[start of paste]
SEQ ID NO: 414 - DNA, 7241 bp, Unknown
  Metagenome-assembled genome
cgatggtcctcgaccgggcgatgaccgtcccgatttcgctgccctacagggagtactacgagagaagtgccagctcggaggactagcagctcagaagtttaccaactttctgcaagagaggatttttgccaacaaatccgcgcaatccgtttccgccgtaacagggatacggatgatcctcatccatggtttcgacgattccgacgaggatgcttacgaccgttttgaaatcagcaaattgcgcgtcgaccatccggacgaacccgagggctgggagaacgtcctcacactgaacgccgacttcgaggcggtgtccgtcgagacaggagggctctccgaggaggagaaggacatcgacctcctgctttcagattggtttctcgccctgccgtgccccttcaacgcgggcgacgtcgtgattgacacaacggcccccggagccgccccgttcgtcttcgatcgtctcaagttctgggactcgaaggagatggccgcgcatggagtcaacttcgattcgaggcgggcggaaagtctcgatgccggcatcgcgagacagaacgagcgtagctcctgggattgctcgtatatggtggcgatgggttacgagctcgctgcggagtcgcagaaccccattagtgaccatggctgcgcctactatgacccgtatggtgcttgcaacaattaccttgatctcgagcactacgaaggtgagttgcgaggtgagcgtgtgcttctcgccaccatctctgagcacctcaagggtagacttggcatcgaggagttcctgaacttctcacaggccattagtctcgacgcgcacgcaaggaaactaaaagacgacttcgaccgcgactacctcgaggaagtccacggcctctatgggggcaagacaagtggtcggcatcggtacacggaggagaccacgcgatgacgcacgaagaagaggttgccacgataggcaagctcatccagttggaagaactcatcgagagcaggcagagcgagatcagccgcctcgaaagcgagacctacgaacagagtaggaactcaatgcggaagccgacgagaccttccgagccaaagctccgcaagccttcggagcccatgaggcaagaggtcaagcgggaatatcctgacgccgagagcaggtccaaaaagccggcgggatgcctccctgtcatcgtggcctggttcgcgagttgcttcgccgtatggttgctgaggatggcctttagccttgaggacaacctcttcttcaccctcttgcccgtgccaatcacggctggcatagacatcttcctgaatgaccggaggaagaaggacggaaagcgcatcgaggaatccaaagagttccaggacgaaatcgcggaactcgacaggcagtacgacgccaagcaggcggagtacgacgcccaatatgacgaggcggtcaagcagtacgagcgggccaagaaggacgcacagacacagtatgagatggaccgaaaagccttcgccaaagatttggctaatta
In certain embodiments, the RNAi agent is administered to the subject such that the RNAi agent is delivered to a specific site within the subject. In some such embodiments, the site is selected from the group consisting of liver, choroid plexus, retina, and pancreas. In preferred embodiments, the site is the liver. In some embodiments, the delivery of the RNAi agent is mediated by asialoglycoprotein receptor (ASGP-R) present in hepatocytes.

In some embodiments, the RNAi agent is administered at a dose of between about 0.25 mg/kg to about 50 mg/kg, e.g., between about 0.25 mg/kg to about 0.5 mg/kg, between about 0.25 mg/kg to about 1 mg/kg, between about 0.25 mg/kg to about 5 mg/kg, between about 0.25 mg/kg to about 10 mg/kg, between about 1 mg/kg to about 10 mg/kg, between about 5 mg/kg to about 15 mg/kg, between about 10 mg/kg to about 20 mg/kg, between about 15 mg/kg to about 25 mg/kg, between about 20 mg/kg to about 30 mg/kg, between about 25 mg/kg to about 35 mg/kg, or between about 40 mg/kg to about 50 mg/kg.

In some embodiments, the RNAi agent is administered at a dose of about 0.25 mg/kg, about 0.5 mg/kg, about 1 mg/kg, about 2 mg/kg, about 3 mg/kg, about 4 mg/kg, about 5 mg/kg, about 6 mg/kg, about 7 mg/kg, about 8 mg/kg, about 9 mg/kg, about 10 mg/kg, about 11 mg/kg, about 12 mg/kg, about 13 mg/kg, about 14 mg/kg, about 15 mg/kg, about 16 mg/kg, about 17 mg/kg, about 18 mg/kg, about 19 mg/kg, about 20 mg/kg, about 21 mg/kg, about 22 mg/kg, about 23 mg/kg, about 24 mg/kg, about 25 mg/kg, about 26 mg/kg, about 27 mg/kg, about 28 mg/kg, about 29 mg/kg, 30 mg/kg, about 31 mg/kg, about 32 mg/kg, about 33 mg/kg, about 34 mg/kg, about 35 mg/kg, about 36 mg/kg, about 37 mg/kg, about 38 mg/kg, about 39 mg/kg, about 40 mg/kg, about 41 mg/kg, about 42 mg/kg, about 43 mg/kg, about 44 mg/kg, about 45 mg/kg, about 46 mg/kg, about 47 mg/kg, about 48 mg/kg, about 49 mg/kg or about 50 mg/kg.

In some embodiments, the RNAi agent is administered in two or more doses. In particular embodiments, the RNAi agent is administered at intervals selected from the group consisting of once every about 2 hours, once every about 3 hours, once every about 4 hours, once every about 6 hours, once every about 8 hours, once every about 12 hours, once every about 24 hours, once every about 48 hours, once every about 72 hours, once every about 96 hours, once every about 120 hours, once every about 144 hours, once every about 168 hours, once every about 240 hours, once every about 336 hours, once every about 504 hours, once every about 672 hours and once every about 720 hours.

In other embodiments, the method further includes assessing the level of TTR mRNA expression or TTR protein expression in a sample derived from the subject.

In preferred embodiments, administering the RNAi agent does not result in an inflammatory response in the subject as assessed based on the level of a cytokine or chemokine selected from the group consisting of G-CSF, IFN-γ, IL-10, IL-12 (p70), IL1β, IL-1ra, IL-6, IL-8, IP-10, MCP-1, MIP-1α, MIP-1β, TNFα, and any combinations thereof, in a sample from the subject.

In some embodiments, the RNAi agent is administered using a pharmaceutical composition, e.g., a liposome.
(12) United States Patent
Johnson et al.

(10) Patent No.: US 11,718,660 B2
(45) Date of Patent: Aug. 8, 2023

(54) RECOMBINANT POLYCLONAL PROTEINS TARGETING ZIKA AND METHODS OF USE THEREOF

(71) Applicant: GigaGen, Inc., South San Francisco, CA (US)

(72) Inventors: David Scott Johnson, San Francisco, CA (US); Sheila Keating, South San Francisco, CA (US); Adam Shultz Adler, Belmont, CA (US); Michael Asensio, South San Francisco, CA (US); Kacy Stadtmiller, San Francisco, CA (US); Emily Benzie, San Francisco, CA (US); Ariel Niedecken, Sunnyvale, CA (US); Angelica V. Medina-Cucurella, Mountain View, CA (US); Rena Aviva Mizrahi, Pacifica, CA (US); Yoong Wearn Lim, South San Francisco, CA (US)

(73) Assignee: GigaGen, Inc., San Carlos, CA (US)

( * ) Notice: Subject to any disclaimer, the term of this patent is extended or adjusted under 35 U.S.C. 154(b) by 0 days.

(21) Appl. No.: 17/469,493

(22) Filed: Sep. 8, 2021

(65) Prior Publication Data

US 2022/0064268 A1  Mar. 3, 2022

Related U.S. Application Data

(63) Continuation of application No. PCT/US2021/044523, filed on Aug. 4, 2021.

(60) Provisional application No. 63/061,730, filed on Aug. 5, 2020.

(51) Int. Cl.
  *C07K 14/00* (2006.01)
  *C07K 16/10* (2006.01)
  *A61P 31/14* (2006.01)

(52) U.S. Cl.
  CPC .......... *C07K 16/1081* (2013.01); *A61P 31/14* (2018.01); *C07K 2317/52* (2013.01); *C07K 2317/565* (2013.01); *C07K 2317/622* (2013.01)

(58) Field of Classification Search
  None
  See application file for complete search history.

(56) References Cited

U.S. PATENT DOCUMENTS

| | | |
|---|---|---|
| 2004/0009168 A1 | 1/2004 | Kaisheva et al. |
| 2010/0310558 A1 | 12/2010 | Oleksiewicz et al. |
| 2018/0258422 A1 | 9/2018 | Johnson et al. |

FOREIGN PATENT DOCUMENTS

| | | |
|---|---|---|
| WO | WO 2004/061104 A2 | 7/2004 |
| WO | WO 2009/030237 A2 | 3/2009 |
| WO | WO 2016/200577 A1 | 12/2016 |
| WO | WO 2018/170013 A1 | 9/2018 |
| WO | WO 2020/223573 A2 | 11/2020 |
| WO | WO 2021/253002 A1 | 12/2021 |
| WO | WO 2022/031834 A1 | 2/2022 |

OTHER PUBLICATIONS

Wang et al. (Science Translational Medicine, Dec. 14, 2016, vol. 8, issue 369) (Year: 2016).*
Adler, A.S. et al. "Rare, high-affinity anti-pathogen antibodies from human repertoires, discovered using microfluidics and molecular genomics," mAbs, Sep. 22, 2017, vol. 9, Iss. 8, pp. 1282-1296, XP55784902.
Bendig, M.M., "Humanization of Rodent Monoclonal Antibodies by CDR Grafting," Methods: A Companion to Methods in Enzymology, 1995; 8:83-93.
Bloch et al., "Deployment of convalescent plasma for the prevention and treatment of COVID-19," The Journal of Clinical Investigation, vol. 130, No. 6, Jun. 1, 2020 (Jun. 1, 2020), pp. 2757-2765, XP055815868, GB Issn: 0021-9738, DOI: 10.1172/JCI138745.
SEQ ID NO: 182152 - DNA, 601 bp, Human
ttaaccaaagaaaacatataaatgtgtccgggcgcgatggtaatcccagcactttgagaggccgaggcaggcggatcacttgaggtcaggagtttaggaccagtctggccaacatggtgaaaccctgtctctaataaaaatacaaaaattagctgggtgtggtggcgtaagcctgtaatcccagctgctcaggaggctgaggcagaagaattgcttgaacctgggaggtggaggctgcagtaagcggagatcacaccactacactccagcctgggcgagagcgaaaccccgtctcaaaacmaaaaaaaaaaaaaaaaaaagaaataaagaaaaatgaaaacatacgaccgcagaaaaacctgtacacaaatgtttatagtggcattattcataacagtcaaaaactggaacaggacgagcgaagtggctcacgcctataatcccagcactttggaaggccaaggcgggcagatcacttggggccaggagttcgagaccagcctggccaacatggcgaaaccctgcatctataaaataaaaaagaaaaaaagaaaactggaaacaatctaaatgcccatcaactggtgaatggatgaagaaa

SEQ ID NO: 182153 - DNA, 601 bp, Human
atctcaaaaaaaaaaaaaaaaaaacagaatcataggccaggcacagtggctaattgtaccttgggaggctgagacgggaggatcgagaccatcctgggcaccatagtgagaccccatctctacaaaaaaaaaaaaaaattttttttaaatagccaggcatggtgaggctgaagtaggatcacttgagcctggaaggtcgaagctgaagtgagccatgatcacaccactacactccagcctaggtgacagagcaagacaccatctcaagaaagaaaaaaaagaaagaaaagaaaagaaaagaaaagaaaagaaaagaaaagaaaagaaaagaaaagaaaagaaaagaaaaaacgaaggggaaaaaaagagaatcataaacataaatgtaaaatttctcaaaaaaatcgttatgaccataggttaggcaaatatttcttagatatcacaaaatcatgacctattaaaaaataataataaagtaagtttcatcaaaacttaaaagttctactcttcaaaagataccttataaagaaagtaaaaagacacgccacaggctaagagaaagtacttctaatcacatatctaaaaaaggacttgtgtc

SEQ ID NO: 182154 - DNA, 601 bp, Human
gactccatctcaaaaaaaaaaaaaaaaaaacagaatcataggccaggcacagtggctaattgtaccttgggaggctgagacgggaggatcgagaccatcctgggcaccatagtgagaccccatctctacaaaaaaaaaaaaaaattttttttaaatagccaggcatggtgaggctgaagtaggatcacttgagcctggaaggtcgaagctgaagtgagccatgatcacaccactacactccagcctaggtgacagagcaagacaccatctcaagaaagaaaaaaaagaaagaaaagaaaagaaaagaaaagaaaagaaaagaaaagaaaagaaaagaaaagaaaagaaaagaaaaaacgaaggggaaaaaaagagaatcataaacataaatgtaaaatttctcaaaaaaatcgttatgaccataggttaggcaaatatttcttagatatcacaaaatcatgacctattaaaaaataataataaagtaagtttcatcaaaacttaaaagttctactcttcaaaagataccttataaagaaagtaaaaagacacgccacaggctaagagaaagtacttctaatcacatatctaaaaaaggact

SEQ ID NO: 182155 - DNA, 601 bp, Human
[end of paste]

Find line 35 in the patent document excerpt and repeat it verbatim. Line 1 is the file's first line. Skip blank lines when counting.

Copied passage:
  See application file for complete search history.